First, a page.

On Dec 29, 2007 9:23 PM, Joshua Gargus <schwa@fastmail.us> wrote:
If security is the goal, this seems not to be the first place to spend scarce developer time.  

What are the vectors by which an attacker can cause such malicious bytecodes to be executed?  The first three that come to mind are:
- direct access to method dictionaries and/or unrestricted compiler access
- providing malicious input to a system-provided binary code loader
- exploiting bugs in the compiler

If the first attack vector is available, crashes due to malicious bytecodes are the least of your problems; arbitrary code execution is a bigger concern.  Glancing at the SecureSqueak page, it seems like you probably have a plan for this.  Have you already solved this problem?  If not, there's no point in bulletproofing the VM against ill-formed bytecodes.

As I mentioned in response to Mathieu, it seems to me that the second attack vector can mostly be dealt with by load-time inspection.  I'm not intimately familiar with Squeak's bytecodes, but I'd be surprised if there were more than a few where run-time checks are actually required.

The third case assumes that the compiler is restricted in some way (eg: the attacker cannot simply "crash" the system by compiling a method containing "Smalltalk snapshot: false andQuit: true"); instead they have to find a way to write code such that the compiler accidently generates invalid bytecodes.  To provide an extra layer of security, we can always subject the newly-compiled method to the same inspection as we do above when loading binary code.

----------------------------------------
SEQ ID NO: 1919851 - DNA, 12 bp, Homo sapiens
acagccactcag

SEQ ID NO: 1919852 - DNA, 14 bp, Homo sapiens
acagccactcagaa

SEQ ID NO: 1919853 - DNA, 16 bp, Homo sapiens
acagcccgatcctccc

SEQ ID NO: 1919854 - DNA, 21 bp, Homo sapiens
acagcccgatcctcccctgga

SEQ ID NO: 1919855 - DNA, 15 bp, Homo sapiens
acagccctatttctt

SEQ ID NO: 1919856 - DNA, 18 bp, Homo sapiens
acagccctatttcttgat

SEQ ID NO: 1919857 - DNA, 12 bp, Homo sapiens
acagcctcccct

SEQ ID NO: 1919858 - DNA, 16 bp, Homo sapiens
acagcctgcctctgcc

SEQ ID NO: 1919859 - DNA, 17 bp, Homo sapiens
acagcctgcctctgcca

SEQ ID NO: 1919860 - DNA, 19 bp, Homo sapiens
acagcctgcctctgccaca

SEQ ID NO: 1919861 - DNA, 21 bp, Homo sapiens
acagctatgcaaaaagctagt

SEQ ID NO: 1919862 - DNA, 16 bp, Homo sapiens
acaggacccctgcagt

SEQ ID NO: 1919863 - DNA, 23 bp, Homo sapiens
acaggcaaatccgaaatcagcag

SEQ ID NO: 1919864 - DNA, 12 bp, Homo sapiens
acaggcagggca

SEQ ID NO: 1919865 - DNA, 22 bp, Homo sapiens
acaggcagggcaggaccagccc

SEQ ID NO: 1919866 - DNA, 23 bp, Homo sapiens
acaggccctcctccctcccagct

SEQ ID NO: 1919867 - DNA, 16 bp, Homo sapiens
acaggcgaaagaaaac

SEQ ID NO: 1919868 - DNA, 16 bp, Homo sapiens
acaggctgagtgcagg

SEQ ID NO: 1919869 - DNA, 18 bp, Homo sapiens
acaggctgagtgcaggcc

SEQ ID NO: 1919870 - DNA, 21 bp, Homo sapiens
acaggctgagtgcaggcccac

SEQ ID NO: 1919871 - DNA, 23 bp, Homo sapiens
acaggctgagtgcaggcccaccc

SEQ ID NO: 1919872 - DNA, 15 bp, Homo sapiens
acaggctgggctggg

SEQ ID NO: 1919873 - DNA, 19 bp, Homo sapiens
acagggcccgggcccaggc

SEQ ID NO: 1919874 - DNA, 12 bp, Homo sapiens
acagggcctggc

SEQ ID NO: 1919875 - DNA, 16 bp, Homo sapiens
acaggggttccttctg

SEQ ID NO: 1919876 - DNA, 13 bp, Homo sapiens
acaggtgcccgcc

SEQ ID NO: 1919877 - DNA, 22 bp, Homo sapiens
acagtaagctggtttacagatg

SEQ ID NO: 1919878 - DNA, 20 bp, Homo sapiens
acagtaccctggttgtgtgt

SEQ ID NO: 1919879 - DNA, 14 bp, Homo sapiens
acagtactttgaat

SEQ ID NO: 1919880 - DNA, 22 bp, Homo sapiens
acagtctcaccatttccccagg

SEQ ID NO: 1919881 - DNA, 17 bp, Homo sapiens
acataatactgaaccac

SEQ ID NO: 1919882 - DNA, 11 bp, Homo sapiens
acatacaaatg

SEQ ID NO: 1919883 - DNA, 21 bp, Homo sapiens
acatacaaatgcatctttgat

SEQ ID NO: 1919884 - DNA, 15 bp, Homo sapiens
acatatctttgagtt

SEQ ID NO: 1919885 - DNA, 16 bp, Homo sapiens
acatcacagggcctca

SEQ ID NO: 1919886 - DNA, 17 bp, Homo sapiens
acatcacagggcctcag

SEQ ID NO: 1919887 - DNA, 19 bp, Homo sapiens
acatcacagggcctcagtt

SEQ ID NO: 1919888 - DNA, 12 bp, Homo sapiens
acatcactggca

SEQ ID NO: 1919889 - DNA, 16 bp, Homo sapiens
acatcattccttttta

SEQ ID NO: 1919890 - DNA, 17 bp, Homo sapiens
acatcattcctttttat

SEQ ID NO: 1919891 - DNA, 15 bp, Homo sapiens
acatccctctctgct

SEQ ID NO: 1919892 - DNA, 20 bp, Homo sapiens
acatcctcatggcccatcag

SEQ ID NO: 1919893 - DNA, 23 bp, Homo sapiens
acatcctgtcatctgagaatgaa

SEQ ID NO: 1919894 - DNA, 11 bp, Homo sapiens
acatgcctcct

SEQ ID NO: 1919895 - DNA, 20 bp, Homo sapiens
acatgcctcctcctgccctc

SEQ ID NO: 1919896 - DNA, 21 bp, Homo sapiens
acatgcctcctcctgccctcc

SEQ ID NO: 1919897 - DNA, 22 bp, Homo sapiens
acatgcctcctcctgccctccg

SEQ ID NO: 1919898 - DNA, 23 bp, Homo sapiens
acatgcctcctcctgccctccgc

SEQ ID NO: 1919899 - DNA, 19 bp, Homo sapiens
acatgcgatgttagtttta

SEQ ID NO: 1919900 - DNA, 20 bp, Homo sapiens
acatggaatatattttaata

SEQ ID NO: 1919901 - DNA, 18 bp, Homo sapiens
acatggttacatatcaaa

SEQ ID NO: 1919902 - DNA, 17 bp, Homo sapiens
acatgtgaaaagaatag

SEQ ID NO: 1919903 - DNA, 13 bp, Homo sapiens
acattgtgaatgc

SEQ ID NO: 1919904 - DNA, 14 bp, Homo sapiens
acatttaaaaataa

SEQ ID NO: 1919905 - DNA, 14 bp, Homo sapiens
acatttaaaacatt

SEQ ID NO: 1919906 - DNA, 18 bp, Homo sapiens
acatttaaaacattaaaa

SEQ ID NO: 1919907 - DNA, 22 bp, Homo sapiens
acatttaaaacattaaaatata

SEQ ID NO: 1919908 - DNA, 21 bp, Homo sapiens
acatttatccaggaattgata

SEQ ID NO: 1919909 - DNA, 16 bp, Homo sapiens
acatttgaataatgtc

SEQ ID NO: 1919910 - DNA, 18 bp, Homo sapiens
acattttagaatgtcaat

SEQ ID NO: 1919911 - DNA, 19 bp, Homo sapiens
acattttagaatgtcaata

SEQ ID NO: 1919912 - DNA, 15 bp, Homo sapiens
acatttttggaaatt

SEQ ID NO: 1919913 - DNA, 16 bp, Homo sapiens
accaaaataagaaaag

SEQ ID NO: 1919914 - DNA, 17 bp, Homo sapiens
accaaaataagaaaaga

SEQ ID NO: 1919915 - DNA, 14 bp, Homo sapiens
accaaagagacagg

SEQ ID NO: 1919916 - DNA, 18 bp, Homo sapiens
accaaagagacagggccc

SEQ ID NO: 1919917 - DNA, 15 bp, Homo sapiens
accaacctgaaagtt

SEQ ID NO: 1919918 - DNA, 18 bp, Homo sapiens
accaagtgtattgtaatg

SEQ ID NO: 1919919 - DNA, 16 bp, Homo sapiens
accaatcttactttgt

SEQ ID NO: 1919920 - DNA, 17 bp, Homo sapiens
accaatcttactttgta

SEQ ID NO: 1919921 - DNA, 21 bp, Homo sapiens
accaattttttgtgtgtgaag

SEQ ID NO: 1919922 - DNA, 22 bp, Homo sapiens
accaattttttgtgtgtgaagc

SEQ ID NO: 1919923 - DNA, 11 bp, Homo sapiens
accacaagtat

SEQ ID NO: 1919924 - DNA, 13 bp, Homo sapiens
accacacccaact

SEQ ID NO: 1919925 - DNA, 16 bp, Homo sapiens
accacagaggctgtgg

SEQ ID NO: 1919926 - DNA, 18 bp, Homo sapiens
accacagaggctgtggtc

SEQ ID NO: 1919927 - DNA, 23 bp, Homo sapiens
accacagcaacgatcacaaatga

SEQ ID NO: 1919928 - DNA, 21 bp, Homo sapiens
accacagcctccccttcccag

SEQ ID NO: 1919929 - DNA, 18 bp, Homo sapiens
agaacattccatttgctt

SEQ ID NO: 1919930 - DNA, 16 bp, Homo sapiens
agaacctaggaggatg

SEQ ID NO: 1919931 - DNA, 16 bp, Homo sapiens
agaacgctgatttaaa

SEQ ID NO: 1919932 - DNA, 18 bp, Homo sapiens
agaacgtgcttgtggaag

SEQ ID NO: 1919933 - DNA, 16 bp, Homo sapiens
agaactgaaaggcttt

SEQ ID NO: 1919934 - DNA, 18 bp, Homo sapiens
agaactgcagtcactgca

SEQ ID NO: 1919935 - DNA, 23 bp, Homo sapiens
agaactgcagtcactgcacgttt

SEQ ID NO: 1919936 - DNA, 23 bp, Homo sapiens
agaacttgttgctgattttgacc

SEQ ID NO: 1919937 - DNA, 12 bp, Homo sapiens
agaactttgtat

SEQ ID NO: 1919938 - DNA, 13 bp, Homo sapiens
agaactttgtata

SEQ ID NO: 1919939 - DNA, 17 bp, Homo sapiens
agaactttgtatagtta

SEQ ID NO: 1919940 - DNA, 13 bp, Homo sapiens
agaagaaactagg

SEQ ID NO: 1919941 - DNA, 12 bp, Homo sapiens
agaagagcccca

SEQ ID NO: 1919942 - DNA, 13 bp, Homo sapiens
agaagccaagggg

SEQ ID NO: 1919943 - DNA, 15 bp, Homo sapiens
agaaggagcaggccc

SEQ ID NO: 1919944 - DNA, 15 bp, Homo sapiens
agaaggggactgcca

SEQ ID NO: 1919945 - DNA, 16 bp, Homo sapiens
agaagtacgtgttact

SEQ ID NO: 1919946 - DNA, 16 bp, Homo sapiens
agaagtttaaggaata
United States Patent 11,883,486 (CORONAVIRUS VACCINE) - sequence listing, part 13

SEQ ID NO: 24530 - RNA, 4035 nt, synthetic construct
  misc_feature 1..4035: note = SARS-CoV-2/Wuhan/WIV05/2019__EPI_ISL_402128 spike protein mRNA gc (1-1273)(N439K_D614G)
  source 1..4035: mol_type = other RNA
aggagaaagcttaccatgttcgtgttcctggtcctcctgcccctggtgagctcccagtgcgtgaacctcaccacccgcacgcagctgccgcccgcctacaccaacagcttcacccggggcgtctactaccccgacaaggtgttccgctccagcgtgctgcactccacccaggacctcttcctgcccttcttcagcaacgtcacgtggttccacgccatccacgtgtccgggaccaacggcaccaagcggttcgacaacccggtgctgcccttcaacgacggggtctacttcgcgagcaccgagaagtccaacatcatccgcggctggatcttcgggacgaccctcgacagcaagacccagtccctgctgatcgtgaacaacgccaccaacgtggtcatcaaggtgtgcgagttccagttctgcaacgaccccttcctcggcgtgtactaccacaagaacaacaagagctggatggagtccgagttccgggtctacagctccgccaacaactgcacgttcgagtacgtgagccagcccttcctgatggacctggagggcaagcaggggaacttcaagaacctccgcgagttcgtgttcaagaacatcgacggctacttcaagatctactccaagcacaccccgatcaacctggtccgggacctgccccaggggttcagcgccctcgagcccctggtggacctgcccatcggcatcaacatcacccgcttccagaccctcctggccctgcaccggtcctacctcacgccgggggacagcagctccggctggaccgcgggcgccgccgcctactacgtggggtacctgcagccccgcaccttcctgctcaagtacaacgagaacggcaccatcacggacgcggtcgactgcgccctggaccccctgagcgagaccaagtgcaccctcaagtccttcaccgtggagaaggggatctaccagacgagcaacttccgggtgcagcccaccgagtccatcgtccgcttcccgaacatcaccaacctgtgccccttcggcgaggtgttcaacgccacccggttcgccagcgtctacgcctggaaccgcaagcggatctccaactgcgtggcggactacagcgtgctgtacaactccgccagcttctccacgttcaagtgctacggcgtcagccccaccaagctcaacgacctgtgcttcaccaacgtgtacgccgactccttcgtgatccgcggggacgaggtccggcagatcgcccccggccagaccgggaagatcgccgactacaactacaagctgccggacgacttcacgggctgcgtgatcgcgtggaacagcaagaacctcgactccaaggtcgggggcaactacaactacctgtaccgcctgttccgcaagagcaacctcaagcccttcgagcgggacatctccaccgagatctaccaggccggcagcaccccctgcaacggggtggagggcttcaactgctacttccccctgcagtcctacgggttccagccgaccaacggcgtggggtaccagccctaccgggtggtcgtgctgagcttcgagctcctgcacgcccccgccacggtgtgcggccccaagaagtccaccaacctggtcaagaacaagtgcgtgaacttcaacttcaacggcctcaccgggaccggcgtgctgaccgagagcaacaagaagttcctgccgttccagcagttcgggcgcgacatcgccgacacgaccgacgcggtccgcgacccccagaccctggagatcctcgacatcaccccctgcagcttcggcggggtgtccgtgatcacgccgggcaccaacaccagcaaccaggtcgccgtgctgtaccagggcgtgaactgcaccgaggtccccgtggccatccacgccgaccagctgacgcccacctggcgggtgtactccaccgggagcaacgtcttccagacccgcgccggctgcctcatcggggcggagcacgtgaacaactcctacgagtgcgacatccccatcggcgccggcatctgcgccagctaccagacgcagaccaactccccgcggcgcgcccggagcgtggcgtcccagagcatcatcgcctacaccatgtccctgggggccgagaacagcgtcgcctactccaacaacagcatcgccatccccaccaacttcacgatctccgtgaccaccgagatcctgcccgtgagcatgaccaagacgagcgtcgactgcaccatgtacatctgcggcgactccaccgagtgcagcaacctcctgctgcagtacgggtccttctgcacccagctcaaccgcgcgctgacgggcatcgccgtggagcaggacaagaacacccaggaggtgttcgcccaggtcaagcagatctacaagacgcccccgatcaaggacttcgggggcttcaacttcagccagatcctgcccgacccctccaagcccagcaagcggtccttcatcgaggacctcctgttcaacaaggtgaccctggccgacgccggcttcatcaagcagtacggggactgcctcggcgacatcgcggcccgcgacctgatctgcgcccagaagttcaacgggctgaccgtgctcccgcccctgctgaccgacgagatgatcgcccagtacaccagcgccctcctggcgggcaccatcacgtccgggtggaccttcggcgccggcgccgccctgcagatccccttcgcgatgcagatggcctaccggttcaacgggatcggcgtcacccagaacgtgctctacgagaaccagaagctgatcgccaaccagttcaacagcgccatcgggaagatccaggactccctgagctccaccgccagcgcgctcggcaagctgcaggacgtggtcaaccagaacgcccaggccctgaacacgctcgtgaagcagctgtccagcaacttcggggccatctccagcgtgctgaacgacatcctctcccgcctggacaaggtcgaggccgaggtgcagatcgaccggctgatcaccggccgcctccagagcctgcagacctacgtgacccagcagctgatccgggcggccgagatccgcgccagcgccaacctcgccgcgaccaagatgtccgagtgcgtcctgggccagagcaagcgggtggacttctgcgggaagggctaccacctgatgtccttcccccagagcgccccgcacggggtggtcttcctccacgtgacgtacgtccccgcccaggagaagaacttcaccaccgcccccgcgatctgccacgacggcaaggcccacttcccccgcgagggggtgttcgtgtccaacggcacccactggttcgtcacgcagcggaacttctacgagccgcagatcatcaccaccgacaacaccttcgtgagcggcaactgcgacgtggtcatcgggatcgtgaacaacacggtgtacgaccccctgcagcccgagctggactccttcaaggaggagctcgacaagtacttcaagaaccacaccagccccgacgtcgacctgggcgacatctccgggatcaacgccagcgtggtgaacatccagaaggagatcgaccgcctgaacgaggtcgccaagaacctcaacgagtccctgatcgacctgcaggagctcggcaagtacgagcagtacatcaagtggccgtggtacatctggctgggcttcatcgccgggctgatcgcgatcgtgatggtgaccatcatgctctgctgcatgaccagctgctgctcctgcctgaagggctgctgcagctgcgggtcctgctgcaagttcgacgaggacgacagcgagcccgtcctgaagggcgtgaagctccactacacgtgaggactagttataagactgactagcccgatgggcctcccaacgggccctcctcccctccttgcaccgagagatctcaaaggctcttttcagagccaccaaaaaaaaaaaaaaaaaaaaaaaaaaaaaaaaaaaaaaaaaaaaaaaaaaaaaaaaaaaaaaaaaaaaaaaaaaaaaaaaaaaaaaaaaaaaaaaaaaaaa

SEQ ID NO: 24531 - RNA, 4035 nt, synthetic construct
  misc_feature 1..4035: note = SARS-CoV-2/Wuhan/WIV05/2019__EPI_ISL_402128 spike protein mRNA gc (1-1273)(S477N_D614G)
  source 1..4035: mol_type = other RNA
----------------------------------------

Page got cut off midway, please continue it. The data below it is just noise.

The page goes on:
Thanks for the input, Josh. I'll be starting this thread up again when I'm actually ready to submit changes to the VM or fork it.

My developer time isn't scarce. I have about another 50 years left in me :-).

To provide more information about what I'm doing, I'm loading code remotely (and transparently, using a distributed object architecture) as bytecodes. The literals in CompiledMethods are rebound when the code is loaded. The code itself is stored in Namespaces, so named literals can only refer to a small set of objects that that code has access to.

Remotely loaded code wouldn't usually have access to MethodDictionary-s or CompiledMethods, nor the Compiler. My intention is that code is loaded into a sort of a browser, much like you could load a Project into Squeak now, meaning that code would be from a public source and could be malicious.